The color pink may not be the first thing you expect to see on a CDCR uniform, but correctional staff statewide are donning pink patches in a show of strength against breast cancer.
Through the month of October, which is Breast Cancer Awareness Month, all uniformed Correctional Officers are authorized to wear approved pink patches to support breast cancer awareness, according to the 2020 Uniform Handbook. Each institution chooses a nonprofit organization to support via patch sales, meaning proceeds from CDCR staff statewide support a wide variety of nonprofits helping find a cure for breast cancer.
Ironwood State Prison (ISP) in 2017 became the first CDCR institution to join the global Pink Patch Project, through which hundreds of partner law enforcement agencies throughout the world raise funds for scientific research and awareness.
ISP Sgt. Amanda Johnson was the driving force behind joining the movement, realizing after losing her grandfather to cancer that an organization as large as CDCR could support cancer research in a big way. With the support of Warden Neil McDowell, a patch was designed and ISP began supporting the Blythe Cancer Resource Center. Interest spread, with institutions statewide joining the cause. Today, CDCR institutions offer pink patches, t-shirts, wristbands, and other items that can be sold to officers, family members, and friends.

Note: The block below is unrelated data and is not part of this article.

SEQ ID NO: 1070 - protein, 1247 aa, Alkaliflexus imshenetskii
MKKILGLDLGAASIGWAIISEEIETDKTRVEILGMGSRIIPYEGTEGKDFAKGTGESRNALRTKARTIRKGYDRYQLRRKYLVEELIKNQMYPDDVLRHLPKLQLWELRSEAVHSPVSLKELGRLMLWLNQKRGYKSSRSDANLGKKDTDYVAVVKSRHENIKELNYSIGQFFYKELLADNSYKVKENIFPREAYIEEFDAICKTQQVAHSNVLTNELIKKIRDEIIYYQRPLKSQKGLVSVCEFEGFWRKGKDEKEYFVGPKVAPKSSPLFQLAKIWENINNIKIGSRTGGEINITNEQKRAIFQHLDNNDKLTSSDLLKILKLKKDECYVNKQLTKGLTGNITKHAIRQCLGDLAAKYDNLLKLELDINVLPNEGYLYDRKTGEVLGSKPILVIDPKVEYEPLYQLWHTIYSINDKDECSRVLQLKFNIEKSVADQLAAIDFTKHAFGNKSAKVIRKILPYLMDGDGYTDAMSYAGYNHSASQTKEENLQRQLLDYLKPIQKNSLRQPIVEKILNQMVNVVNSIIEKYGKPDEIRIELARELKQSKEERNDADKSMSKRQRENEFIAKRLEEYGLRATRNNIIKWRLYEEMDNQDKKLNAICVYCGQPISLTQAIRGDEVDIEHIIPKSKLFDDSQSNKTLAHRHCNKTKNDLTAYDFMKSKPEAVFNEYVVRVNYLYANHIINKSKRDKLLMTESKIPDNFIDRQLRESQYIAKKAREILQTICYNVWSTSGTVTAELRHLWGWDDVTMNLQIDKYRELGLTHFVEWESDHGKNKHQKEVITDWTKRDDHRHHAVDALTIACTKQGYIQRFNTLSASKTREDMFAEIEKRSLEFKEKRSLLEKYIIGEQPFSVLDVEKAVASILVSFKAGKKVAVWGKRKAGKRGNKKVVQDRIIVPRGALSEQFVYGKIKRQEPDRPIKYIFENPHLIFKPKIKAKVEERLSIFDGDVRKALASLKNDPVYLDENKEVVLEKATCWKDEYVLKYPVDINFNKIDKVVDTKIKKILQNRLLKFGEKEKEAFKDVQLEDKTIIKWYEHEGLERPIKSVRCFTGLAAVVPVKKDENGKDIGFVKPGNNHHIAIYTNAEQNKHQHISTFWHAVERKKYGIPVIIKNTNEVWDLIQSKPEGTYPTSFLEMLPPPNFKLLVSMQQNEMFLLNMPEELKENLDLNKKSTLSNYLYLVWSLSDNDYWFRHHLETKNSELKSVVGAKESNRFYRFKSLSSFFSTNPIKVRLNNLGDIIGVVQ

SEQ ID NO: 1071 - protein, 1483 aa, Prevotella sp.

“As custody staff, we go to an academy to prepare us for what may happen inside the prison, but often the real battles are fought at home,” Johnson said. “You cannot prepare yourself to find out that you or a loved one has been diagnosed with cancer. Working for a department that cares about its employees and their families is one of the best feelings.”
Patches must be removed from uniforms by November 1, 2021. For more information, visit pinkpatchproject.com.
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